Author: Urias Teh Pour
Legal Advisor on the Liberia Law Society Land Rights and Freedom of Expression Projects
The recent move to repeal Liberia’s Criminal Libel laws by the newly elected Government of former Liberian Football legend, George Manneh Weah, has been hailed by human rights groups as a positive step in the right direction. The effort to decriminalise section 11.11 of the Penal Law comes barely two months following the visit of the United Nations Special Rapporteur on Freedom of Expression to Liberia. The UN Officials called on the Government of Liberia to review all laws that undermine free speech, as guaranteed by article 19 of the International Covenant on Civil and Political Rights (ICCPR) and other instruments ratified by Liberia.
Tax treatment of gains on the sale of assets in the extractive sector in DRC: A much-needed mix of human rights, sustainable development and legal certaintyPosted: 23 July, 2018
Author: Eric Ntini Kasoko
Prospective Independent Tax Advisor; Researcher
The extractive industry consists of operations of exploration and/or exploitation of nonrenewable natural resources, especially gas, petroleum and mining operations. A distinction is to be made between the hydrocarbon sector (which comprises petroleum and gas activities) and the non-hydrocarbon sector (which relates to mining activities). Mineral-rich countries may choose to enact an all-encompassing piece of legislation to regulate both sectors. They may also opt for two or even three different pieces of legislation, each designed to regulate a specific sector.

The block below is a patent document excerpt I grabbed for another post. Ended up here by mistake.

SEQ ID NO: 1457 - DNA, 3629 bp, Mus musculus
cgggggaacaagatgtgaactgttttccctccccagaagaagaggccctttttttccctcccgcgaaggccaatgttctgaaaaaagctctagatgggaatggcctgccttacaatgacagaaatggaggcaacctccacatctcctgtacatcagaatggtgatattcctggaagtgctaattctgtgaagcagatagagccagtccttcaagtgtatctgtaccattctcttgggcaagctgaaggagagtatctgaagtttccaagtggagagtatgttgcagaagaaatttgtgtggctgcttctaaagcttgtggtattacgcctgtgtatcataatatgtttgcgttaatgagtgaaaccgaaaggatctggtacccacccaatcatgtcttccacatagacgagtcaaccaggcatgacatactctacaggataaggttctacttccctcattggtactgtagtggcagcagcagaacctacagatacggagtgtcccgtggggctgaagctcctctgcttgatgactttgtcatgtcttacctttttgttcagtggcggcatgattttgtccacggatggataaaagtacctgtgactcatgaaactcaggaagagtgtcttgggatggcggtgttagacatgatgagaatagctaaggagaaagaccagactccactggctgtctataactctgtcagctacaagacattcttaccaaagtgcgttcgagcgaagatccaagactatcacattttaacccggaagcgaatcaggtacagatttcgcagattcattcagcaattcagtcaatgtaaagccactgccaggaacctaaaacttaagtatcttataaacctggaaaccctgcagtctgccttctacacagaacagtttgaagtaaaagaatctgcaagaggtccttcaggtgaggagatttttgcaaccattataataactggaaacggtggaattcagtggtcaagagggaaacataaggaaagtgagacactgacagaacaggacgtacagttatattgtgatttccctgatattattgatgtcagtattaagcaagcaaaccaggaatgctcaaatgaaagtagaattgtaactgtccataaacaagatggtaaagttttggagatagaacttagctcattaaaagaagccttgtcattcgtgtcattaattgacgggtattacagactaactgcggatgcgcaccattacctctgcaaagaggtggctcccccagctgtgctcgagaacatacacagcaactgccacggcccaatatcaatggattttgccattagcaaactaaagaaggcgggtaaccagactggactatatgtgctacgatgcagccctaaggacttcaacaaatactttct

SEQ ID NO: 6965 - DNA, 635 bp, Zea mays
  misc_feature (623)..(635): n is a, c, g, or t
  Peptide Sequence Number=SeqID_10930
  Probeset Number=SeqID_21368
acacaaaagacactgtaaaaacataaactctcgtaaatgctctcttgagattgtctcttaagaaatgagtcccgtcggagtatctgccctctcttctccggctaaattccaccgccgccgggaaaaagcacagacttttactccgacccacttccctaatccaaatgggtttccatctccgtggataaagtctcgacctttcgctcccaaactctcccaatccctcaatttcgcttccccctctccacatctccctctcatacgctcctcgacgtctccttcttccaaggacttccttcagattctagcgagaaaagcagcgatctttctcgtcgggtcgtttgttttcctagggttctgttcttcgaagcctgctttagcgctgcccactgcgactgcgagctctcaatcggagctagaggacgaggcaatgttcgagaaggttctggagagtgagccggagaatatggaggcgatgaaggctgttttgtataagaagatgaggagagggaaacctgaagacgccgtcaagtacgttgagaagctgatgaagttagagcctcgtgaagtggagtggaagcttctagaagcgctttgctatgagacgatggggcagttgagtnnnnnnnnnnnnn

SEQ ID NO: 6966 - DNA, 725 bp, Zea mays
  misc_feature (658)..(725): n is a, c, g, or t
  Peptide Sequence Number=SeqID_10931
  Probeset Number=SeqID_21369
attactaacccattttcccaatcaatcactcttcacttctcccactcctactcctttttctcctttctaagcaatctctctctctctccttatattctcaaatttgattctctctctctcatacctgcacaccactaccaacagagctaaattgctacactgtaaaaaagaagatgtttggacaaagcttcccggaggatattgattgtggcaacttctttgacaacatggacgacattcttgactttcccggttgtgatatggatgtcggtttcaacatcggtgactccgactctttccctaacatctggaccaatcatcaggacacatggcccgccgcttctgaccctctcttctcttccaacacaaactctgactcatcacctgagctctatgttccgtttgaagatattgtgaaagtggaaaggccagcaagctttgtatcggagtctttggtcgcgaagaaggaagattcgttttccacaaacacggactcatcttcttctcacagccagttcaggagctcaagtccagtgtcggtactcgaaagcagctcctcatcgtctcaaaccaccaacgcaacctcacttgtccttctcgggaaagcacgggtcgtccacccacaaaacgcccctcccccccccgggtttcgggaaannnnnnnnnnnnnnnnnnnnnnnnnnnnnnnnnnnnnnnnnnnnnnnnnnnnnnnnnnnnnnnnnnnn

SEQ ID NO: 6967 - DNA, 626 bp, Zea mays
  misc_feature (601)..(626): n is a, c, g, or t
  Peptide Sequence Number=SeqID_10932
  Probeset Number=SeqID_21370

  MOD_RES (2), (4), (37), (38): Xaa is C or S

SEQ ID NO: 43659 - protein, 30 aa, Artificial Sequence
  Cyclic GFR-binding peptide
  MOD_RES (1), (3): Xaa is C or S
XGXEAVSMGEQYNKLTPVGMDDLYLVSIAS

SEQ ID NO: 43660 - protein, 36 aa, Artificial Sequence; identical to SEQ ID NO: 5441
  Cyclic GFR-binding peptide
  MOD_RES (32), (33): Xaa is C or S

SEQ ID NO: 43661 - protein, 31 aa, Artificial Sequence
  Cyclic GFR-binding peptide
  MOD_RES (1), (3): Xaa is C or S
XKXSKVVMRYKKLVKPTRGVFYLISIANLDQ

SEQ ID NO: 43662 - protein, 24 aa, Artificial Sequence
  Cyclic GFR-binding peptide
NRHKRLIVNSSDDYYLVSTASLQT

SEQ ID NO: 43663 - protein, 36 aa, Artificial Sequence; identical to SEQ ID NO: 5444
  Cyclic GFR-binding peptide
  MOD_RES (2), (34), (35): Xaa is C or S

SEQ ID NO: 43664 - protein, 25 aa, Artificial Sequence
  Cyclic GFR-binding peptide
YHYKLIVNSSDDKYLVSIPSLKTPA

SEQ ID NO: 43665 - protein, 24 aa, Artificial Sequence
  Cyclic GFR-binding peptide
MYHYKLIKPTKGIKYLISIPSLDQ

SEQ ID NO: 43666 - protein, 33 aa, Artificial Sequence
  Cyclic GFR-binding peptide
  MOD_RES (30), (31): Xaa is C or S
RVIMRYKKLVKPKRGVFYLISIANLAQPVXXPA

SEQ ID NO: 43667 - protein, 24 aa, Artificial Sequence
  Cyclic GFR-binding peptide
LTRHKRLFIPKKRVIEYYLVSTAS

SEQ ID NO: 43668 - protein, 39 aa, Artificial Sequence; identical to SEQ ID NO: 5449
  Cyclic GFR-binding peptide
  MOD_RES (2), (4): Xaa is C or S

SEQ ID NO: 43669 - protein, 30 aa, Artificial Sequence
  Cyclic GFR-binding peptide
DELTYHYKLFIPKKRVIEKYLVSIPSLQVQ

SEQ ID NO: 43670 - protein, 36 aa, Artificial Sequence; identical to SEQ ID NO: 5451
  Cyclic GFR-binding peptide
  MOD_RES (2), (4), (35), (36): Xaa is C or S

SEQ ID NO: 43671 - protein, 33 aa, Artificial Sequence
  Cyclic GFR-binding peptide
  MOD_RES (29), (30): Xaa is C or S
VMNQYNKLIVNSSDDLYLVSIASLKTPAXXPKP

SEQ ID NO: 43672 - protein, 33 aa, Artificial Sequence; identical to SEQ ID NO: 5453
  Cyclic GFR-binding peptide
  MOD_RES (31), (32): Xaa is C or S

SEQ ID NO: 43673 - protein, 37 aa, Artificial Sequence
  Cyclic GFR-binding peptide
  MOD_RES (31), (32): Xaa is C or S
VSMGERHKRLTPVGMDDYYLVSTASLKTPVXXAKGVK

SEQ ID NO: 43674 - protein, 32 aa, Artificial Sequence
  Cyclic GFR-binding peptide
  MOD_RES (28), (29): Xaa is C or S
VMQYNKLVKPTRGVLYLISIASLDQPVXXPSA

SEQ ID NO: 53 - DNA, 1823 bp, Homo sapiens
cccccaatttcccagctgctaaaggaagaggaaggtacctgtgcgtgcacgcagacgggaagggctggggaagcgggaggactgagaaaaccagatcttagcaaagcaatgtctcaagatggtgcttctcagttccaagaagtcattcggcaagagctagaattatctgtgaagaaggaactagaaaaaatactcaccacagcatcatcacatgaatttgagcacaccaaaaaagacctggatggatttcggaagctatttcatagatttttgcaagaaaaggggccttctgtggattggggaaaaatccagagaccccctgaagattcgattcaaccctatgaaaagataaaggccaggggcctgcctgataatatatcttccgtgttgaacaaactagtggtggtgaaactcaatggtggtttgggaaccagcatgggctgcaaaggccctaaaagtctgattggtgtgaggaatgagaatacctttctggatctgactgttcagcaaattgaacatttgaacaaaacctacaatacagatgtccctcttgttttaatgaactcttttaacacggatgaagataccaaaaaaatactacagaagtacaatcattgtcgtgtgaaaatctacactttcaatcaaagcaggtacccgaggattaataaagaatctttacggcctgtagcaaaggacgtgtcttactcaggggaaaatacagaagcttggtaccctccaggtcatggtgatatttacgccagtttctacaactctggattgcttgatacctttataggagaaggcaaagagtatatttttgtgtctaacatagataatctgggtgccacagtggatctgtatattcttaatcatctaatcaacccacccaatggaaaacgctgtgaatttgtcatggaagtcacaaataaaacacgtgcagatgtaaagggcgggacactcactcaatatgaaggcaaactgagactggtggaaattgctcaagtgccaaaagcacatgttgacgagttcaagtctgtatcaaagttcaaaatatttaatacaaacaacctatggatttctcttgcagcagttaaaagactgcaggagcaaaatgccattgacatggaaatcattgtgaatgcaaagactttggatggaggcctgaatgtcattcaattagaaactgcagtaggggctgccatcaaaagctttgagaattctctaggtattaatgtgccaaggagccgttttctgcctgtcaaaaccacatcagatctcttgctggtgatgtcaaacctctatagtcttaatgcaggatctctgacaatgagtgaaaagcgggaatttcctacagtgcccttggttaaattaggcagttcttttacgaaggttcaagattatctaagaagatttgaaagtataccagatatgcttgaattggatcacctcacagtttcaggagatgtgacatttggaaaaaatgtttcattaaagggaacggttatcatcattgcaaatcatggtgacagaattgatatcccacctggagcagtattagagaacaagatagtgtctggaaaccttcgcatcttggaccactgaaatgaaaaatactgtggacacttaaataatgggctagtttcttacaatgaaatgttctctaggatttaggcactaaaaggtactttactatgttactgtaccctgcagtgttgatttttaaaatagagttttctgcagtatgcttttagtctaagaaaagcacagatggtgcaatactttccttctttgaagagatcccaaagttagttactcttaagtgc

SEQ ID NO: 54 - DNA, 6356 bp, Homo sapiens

Author: Urerimam Raymond Shamaki
Barrister and solicitor of the Supreme Court of Nigeria; LLM (Human Rights and Democratisation in Africa) Candidate
Homosexuality is still considered a crime in many countries of the world. Malawi is one of the 33 countries in Africa and 72 in the world that still criminalises homosexuality. Although there is no direct law prohibiting homosexuality in Malawi such as is the case in countries like Nigeria with the Same-Sex Prohibition Act 2015, there are still provisions of some laws indirectly affecting homosexual activities in Malawi. This article briefly reviews some of the provisions of these laws and how they impact on the rights of sexual minorities in Malawi.
Stop the human rights violations in the South-west and North-west regions of Cameroon now: A call on all relevant stakeholdersPosted: 3 July, 2018
Authors: Basiru Bah, Essa Njie, Theophilus Michael Odaudu and Urerimam Raymond Shamaki on behalf of the 2018 class of the Master’s Programme in Human Rights and Democratisation in Africa (Centre for Human Rights, University of Pretoria)
|Basiru Bah||Essa Njie||Theophilus Odaudu||Urerimam
For the Centre for Human Rights latest press release on the human rights violations in Cameroon, please visit www.chr.up.ac.za/StopCameroonViolations